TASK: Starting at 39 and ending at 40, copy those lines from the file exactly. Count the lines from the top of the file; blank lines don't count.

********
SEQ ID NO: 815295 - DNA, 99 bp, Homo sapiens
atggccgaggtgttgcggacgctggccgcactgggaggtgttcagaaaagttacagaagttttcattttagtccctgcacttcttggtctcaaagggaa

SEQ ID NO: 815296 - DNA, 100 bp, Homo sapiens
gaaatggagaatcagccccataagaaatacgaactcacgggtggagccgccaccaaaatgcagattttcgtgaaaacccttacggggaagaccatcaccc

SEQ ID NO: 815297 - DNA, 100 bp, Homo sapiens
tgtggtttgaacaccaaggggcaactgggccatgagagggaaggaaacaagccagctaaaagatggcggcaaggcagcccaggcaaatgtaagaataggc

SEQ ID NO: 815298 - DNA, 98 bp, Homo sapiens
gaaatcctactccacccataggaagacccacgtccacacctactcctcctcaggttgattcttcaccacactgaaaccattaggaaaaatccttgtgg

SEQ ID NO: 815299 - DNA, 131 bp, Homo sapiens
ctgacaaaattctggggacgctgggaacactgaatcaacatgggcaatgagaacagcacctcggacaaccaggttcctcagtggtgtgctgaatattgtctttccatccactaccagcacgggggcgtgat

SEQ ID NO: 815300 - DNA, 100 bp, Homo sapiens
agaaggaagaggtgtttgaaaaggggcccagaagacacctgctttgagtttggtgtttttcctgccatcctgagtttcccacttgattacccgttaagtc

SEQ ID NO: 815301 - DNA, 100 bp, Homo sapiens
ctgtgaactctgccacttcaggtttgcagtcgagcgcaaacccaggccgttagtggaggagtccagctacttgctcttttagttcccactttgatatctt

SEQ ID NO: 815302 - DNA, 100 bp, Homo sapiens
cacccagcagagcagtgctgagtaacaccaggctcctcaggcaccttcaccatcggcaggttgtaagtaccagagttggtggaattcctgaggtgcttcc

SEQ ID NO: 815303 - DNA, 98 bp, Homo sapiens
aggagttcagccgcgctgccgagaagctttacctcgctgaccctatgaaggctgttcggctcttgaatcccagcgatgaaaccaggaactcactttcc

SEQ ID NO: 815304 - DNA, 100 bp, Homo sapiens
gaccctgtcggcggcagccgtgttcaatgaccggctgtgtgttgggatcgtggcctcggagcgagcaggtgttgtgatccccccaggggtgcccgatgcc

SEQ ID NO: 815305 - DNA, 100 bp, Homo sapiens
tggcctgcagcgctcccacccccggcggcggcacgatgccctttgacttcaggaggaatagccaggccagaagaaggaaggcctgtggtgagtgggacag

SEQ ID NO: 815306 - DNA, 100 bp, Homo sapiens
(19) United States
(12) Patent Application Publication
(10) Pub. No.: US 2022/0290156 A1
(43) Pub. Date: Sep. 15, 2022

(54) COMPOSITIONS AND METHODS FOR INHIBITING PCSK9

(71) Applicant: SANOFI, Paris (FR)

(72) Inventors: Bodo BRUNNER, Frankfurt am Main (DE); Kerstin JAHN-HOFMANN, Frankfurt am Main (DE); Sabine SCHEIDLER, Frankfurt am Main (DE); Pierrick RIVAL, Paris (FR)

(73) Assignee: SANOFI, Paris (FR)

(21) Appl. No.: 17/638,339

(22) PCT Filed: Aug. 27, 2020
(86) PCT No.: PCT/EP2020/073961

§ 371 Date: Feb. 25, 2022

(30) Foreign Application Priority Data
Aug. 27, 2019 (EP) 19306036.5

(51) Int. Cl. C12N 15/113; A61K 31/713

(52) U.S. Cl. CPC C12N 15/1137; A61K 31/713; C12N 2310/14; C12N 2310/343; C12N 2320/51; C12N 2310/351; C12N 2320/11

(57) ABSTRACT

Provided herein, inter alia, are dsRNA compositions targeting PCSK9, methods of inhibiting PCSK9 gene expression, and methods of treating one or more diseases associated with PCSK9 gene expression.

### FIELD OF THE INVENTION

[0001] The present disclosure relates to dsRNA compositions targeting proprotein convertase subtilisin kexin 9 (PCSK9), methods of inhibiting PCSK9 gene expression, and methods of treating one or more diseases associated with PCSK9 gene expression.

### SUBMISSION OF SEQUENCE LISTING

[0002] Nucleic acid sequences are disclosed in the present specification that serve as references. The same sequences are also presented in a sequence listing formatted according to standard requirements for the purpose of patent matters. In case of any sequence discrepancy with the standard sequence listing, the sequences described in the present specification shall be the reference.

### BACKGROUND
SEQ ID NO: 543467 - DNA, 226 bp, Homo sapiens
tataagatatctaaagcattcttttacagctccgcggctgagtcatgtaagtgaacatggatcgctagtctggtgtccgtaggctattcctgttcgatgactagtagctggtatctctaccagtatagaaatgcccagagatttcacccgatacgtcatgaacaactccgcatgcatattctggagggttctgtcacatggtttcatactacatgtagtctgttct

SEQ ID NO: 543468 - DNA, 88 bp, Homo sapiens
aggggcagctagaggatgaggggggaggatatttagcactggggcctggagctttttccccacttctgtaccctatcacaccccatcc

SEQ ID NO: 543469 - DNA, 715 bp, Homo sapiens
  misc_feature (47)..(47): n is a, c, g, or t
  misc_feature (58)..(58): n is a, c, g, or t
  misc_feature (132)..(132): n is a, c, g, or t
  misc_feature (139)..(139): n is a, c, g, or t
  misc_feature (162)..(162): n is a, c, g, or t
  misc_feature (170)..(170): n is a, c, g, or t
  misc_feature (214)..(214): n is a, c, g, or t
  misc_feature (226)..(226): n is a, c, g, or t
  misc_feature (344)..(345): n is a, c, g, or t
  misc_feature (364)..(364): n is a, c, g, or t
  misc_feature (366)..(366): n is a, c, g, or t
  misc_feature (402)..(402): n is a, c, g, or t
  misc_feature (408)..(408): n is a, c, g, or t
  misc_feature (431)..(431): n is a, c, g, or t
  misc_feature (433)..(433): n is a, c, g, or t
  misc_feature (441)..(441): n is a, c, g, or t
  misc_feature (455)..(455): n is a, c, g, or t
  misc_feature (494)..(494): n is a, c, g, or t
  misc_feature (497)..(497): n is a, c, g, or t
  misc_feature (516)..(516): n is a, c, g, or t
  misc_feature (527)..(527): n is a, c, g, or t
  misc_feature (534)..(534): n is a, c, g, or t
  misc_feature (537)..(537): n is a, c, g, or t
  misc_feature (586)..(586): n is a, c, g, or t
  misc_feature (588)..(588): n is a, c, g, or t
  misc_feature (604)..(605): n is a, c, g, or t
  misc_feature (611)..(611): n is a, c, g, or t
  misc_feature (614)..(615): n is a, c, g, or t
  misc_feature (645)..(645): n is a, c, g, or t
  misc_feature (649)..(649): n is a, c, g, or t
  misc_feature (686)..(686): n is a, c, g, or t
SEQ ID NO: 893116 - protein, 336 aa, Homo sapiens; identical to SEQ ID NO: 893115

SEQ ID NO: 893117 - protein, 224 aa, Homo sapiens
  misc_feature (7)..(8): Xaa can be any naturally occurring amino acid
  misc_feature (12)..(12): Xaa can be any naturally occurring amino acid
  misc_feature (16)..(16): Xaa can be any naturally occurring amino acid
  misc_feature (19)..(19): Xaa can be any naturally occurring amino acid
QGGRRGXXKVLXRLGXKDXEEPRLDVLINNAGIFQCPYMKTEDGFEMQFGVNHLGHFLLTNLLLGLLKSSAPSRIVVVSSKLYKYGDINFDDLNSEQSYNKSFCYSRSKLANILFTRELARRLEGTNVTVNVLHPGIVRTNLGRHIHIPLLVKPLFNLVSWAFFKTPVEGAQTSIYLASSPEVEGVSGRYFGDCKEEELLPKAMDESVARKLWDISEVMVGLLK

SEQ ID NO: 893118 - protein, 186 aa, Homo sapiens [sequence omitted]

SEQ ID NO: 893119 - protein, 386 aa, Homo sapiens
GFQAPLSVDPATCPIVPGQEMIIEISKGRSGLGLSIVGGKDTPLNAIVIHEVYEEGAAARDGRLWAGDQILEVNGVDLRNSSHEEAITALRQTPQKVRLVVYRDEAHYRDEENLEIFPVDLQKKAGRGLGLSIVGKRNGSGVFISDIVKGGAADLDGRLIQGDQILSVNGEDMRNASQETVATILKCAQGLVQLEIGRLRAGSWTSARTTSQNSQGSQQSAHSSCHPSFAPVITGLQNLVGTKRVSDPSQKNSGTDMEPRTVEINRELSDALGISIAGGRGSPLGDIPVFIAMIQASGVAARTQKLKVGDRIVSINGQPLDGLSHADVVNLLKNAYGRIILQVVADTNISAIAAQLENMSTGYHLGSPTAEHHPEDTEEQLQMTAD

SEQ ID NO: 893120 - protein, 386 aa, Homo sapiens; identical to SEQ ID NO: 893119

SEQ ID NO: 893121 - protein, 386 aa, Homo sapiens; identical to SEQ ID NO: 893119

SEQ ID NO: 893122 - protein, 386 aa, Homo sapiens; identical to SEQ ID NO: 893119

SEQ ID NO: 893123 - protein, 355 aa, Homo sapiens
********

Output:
(52) U.S. Cl. CPC C12N 15/1137; A61K 31/713; C12N 2310/14; C12N 2310/343; C12N 2320/51; C12N 2310/351; C12N 2320/11

(57) ABSTRACT